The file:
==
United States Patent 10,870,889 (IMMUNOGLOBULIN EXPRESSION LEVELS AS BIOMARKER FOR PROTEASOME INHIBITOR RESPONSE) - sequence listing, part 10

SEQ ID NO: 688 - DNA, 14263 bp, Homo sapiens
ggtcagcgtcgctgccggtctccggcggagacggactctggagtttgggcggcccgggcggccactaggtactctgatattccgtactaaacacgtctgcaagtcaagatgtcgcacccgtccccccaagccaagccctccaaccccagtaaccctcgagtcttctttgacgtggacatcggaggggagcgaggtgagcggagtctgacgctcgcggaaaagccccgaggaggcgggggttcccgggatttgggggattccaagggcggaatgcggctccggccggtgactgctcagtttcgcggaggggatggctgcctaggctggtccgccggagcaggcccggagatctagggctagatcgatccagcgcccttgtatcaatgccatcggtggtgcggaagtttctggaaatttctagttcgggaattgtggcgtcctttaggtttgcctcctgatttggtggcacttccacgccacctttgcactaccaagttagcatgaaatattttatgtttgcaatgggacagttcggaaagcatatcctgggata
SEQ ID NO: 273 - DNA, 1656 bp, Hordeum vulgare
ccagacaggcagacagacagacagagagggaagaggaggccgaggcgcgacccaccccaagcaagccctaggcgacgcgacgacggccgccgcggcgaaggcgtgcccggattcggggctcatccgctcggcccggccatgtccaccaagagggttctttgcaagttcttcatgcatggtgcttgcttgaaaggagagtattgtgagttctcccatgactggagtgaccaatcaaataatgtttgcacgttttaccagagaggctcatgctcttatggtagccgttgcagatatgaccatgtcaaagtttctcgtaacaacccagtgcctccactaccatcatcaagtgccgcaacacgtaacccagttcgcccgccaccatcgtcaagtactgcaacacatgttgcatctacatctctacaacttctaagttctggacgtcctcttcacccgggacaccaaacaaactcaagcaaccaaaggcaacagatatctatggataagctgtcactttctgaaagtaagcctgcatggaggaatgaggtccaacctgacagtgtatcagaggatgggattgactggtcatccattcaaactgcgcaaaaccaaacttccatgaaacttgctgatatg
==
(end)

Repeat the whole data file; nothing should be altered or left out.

United States Patent 10,870,889 (IMMUNOGLOBULIN EXPRESSION LEVELS AS BIOMARKER FOR PROTEASOME INHIBITOR RESPONSE) - sequence listing, part 10

SEQ ID NO: 688 - DNA, 14263 bp, Homo sapiens
ggtcagcgtcgctgccggtctccggcggagacggactctggagtttgggcggcccgggcggccactaggtactctgatattccgtactaaacacgtctgcaagtcaagatgtcgcacccgtccccccaagccaagccctccaaccccagtaaccctcgagtcttctttgacgtggacatcggaggggagcgaggtgagcggagtctgacgctcgcggaaaagccccgaggaggcgggggttcccgggatttgggggattccaagggcggaatgcggctccggccggtgactgctcagtttcgcggaggggatggctgcctaggctggtccgccggagcaggcccggagatctagggctagatcgatccagcgcccttgtatcaatgccatcggtggtgcggaagtttctggaaatttctagttcgggaattgtggcgtcctttaggtttgcctcctgatttggtggcacttccacgccacctttgcactaccaagttagcatgaaatattttatgtttgcaatgggacagttcggaaagcatatcctgggata
SEQ ID NO: 273 - DNA, 1656 bp, Hordeum vulgare
ccagacaggcagacagacagacagagagggaagaggaggccgaggcgcgacccaccccaagcaagccctaggcgacgcgacgacggccgccgcggcgaaggcgtgcccggattcggggctcatccgctcggcccggccatgtccaccaagagggttctttgcaagttcttcatgcatggtgcttgcttgaaaggagagtattgtgagttctcccatgactggagtgaccaatcaaataatgtttgcacgttttaccagagaggctcatgctcttatggtagccgttgcagatatgaccatgtcaaagtttctcgtaacaacccagtgcctccactaccatcatcaagtgccgcaacacgtaacccagttcgcccgccaccatcgtcaagtactgcaacacatgttgcatctacatctctacaacttctaagttctggacgtcctcttcacccgggacaccaaacaaactcaagcaaccaaaggcaacagatatctatggataagctgtcactttctgaaagtaagcctgcatggaggaatgaggtccaacctgacagtgtatcagaggatgggattgactggtcatccattcaaactgcgcaaaaccaaacttccatgaaacttgctgatatg